Deciphering the role and importance of climate vs. Through dating of alluvial fan aggradation in the Lost River Range of Idaho, USA, we investigate the influence of Quaternary climate on hillslope sediment supply and transport capacity of mountain streams in this region. Sediment is predominantly limestone-derived pebble to cobble gravels with a sandy matrix and is often sorted into coarse-fine couplets that suggest sheetflooding has been the dominant process transporting and depositing sediment.
We selected five alluvial fans for correlation and mapping of similar-age surfaces using geomorphic positions of surfaces, optically stimulated luminescence OSL dating, soil development, and thickness of pedogenic CaCO 3 coats on clasts within soil profiles. OSL ages range from ka and suggest synchronous fan aggradation regardless of the extent of past glaciation in catchments.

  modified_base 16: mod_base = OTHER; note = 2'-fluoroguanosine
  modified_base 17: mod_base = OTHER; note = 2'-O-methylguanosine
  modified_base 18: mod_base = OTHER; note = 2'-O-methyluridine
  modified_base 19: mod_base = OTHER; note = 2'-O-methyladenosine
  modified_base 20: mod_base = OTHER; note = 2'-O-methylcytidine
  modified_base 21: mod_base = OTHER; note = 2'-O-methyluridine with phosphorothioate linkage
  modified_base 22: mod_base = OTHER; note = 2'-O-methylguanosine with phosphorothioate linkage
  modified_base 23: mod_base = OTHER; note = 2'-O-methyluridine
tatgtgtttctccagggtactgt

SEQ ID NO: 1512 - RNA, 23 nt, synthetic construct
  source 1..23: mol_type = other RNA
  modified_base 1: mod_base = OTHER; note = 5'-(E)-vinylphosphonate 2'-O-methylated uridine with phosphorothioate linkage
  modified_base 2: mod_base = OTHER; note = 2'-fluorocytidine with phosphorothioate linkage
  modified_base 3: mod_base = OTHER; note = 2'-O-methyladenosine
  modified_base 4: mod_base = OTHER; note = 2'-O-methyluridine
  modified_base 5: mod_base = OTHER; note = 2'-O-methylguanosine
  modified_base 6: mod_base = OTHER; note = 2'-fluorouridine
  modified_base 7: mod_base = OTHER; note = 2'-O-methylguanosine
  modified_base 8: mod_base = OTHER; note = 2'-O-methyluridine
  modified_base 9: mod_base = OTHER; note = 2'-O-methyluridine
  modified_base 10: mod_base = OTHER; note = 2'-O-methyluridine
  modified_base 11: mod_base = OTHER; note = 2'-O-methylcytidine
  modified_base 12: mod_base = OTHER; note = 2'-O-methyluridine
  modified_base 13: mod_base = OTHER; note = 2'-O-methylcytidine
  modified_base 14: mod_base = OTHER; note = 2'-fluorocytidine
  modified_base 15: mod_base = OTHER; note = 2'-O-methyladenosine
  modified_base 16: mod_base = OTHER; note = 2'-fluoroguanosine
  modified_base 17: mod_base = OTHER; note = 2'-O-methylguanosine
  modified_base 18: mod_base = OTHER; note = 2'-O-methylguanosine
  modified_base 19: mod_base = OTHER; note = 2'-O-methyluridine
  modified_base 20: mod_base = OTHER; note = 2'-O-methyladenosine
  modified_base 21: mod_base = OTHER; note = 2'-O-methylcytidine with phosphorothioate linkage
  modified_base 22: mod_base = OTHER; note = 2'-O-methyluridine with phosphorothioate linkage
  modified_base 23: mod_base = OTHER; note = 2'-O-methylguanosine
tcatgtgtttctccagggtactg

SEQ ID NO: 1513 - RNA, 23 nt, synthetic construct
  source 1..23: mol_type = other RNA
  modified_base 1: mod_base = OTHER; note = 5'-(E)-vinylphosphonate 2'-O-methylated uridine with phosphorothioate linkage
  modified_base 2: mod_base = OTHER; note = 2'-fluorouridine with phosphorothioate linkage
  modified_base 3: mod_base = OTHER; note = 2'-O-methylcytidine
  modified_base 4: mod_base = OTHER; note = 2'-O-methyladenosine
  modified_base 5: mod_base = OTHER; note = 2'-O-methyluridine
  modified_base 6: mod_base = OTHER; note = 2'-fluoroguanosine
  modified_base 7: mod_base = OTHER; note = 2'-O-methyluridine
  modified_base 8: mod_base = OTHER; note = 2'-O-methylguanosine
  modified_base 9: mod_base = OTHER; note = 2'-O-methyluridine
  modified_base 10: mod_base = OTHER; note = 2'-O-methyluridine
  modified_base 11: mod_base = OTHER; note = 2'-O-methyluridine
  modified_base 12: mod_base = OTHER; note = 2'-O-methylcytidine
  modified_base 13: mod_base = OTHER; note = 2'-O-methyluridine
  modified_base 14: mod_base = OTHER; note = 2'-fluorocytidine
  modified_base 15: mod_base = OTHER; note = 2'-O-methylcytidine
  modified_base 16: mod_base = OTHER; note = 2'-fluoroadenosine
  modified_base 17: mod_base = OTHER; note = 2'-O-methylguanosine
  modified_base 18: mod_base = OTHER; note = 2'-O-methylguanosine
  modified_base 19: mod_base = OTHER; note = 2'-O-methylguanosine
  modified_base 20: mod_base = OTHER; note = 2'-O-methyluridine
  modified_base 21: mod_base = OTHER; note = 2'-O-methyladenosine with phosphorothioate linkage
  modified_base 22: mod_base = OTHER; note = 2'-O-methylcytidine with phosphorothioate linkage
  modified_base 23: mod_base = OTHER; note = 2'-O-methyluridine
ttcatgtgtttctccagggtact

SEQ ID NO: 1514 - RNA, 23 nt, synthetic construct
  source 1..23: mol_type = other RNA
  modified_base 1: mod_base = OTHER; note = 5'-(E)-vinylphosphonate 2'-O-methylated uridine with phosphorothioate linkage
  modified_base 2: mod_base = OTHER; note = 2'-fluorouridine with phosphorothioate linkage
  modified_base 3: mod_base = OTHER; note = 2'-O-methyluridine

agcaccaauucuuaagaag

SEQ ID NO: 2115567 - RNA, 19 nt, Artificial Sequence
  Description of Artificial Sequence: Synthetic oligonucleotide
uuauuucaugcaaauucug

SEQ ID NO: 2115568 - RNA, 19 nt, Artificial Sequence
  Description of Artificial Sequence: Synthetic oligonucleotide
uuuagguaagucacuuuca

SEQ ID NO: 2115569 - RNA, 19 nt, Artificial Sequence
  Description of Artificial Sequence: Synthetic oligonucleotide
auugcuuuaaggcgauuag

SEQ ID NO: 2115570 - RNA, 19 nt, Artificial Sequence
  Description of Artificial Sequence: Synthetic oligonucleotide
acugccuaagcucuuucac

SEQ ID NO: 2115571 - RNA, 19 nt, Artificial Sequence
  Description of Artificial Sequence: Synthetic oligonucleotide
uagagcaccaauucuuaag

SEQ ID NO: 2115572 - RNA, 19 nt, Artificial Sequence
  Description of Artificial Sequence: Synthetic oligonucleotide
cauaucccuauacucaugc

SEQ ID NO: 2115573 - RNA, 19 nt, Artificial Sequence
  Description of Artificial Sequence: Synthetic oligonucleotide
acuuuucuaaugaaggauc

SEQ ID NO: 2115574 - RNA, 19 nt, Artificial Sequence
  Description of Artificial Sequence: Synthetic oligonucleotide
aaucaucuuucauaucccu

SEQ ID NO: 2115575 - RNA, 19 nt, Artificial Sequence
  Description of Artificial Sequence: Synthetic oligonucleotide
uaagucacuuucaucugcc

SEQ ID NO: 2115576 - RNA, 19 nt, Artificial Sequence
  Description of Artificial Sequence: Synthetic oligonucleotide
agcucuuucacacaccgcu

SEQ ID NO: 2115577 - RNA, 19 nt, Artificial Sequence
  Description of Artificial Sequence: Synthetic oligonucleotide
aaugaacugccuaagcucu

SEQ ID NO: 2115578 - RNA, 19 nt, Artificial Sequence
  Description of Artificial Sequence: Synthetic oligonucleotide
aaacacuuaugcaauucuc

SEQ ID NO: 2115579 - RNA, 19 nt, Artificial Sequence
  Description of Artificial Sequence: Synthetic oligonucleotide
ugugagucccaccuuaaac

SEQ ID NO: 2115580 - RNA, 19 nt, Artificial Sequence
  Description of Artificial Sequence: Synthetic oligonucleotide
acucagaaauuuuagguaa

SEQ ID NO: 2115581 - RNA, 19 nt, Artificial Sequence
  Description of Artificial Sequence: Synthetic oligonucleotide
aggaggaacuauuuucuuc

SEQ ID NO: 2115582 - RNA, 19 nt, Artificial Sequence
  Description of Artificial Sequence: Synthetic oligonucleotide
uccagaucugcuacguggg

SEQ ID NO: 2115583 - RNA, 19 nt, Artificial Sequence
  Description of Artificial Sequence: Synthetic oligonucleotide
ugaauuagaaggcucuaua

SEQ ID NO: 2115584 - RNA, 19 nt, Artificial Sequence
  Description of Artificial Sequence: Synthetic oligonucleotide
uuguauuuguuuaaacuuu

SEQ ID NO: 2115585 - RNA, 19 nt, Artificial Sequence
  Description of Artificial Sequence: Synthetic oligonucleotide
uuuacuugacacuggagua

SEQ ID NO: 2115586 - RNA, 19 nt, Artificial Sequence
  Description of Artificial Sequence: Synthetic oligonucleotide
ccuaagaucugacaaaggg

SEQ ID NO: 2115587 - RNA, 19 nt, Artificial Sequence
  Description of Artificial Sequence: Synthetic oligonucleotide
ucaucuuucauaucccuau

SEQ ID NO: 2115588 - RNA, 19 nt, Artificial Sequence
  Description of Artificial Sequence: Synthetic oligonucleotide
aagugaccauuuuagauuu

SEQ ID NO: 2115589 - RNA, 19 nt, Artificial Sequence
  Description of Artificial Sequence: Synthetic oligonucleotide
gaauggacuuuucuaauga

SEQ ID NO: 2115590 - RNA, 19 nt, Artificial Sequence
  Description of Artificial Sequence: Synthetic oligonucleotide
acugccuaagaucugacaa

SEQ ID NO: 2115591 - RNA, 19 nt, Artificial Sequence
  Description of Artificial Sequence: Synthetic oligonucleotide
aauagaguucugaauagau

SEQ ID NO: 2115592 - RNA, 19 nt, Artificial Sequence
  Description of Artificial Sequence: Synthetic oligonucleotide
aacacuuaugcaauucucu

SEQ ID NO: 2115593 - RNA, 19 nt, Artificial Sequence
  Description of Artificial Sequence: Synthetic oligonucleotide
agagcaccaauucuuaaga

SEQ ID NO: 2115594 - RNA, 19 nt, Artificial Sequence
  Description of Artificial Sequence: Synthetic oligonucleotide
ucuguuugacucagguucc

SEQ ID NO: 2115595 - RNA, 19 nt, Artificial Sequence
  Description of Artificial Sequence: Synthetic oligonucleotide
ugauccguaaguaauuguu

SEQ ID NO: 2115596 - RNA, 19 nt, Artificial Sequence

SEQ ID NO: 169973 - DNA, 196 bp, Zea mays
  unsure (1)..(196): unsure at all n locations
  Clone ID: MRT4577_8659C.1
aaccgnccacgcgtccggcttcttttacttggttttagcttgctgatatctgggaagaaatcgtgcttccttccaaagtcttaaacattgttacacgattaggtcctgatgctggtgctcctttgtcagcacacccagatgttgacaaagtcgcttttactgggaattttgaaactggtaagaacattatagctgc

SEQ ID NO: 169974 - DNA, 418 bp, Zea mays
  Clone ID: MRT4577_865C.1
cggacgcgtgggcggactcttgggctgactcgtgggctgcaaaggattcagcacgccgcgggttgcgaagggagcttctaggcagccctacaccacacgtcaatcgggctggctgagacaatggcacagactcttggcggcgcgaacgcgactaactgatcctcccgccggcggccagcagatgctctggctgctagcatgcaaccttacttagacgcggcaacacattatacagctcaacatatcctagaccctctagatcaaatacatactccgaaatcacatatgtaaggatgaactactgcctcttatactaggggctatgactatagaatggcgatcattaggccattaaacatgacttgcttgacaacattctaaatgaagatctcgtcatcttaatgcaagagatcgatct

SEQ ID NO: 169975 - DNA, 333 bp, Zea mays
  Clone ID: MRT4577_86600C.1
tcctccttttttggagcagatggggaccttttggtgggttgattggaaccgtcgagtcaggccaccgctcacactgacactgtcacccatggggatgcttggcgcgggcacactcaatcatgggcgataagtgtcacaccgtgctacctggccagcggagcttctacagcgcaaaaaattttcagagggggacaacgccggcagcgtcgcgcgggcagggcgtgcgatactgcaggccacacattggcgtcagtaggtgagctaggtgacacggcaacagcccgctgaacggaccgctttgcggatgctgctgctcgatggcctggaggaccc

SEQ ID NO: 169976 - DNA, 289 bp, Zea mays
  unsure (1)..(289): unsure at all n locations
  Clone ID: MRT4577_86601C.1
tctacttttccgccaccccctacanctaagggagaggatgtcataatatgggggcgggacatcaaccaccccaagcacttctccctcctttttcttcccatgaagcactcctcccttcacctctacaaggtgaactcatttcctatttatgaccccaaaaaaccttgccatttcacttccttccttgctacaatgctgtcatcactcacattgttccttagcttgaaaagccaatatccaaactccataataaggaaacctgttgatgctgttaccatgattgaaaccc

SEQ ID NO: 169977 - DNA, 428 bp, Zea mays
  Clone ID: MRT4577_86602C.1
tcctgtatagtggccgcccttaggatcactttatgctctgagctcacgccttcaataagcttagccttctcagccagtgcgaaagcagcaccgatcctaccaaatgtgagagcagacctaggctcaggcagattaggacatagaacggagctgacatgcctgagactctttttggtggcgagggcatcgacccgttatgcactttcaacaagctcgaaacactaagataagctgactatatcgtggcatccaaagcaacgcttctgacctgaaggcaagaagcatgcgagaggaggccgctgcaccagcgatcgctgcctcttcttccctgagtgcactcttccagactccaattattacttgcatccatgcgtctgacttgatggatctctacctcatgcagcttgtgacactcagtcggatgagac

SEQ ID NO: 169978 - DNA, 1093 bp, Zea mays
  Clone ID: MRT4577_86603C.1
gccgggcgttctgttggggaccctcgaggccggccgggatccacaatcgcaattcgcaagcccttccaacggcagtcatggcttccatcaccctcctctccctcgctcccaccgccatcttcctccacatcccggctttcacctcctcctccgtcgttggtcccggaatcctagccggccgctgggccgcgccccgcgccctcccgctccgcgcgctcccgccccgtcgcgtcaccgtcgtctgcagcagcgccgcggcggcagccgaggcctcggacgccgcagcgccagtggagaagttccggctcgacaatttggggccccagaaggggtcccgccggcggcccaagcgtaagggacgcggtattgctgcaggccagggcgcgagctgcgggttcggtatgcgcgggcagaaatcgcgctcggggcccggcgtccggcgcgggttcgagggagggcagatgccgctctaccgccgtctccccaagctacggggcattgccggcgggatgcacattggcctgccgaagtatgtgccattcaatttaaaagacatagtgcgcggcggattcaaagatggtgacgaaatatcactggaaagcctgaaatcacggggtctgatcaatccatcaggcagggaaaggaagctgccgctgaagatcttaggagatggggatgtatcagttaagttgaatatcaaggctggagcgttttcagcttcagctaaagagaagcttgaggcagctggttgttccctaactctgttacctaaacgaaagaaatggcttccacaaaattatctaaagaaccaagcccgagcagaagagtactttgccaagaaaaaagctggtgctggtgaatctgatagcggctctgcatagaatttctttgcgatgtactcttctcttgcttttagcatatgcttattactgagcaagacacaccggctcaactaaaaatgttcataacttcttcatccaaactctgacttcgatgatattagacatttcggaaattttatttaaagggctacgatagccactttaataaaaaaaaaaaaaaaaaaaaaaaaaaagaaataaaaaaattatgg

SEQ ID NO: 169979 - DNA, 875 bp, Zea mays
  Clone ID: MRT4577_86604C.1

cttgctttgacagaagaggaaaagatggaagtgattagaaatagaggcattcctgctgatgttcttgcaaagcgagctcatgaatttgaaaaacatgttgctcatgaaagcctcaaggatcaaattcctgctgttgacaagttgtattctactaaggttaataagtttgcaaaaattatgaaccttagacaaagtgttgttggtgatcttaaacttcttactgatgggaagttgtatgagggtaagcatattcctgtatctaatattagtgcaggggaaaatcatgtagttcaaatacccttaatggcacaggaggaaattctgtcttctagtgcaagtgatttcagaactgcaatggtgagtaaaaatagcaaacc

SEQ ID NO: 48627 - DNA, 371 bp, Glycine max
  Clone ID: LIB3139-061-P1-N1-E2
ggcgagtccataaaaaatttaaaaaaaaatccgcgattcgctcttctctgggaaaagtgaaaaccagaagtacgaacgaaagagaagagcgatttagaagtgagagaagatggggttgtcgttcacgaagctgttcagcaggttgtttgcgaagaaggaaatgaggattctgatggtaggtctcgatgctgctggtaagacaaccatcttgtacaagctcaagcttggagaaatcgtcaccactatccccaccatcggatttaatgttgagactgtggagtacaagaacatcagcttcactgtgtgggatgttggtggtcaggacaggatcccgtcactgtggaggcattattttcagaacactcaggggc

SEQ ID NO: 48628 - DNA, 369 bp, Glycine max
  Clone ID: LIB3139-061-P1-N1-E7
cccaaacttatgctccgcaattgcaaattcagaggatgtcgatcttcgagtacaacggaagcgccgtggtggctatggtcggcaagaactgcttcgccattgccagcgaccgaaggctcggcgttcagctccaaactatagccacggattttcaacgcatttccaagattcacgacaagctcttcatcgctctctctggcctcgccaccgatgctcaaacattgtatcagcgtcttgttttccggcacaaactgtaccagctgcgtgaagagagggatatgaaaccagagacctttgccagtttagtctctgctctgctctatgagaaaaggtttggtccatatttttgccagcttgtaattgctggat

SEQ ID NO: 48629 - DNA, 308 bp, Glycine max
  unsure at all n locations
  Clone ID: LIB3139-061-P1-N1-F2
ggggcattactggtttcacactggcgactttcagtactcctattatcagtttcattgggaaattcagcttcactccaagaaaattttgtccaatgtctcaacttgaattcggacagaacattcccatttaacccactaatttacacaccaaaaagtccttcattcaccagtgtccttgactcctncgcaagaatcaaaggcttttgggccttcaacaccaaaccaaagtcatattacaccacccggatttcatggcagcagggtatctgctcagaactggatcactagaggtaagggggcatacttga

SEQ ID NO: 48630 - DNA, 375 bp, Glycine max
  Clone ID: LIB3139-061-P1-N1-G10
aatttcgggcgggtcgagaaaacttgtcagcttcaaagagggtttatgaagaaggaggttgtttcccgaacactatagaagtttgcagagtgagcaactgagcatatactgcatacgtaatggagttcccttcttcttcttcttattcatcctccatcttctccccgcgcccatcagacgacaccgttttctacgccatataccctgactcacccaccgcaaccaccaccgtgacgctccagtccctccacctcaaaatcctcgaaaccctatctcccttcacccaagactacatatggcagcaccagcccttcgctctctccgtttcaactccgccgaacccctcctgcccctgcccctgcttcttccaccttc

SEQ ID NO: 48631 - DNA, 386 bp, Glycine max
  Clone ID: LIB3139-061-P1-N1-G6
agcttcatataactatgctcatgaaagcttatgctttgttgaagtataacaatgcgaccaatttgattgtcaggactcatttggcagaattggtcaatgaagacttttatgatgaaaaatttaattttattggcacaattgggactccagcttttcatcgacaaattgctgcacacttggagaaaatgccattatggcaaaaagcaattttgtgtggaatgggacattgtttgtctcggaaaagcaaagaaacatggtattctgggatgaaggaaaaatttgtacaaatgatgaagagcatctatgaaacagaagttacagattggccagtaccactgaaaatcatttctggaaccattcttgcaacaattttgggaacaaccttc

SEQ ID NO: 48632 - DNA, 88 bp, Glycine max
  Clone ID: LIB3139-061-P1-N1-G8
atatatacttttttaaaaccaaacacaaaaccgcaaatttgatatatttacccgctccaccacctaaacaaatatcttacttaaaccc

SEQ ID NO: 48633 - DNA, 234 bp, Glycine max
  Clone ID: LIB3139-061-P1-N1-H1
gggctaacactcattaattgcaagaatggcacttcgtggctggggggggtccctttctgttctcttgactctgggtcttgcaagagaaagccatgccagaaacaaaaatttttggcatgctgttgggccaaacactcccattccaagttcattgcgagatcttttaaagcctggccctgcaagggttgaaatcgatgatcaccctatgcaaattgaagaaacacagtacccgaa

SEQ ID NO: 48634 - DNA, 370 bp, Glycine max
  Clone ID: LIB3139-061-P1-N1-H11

The more significant fan growth of the late Pleistocene may be divided into distinct periods at ka, ka, and ka. Differences in the extent, facies, grain-size distributions, and average surface slopes between Holocene and late Pleistocene deposits suggest greater stream transport capacity and sediment delivery to fans during the late Pleistocene.
Luminescence dating of rock art and past environments using mud-wasp nests in northern Australia
This paper aims to provide an overview concerning the optically stimulated luminescence OSL dating method and its applications for geomorphological research in France. An outline of the general physical principles of luminescence dating is given. A case study of fluvial sands from the lower terrace of the Moselle valley is then presented to describe the range of field and laboratory procedures required for successful luminescence dating.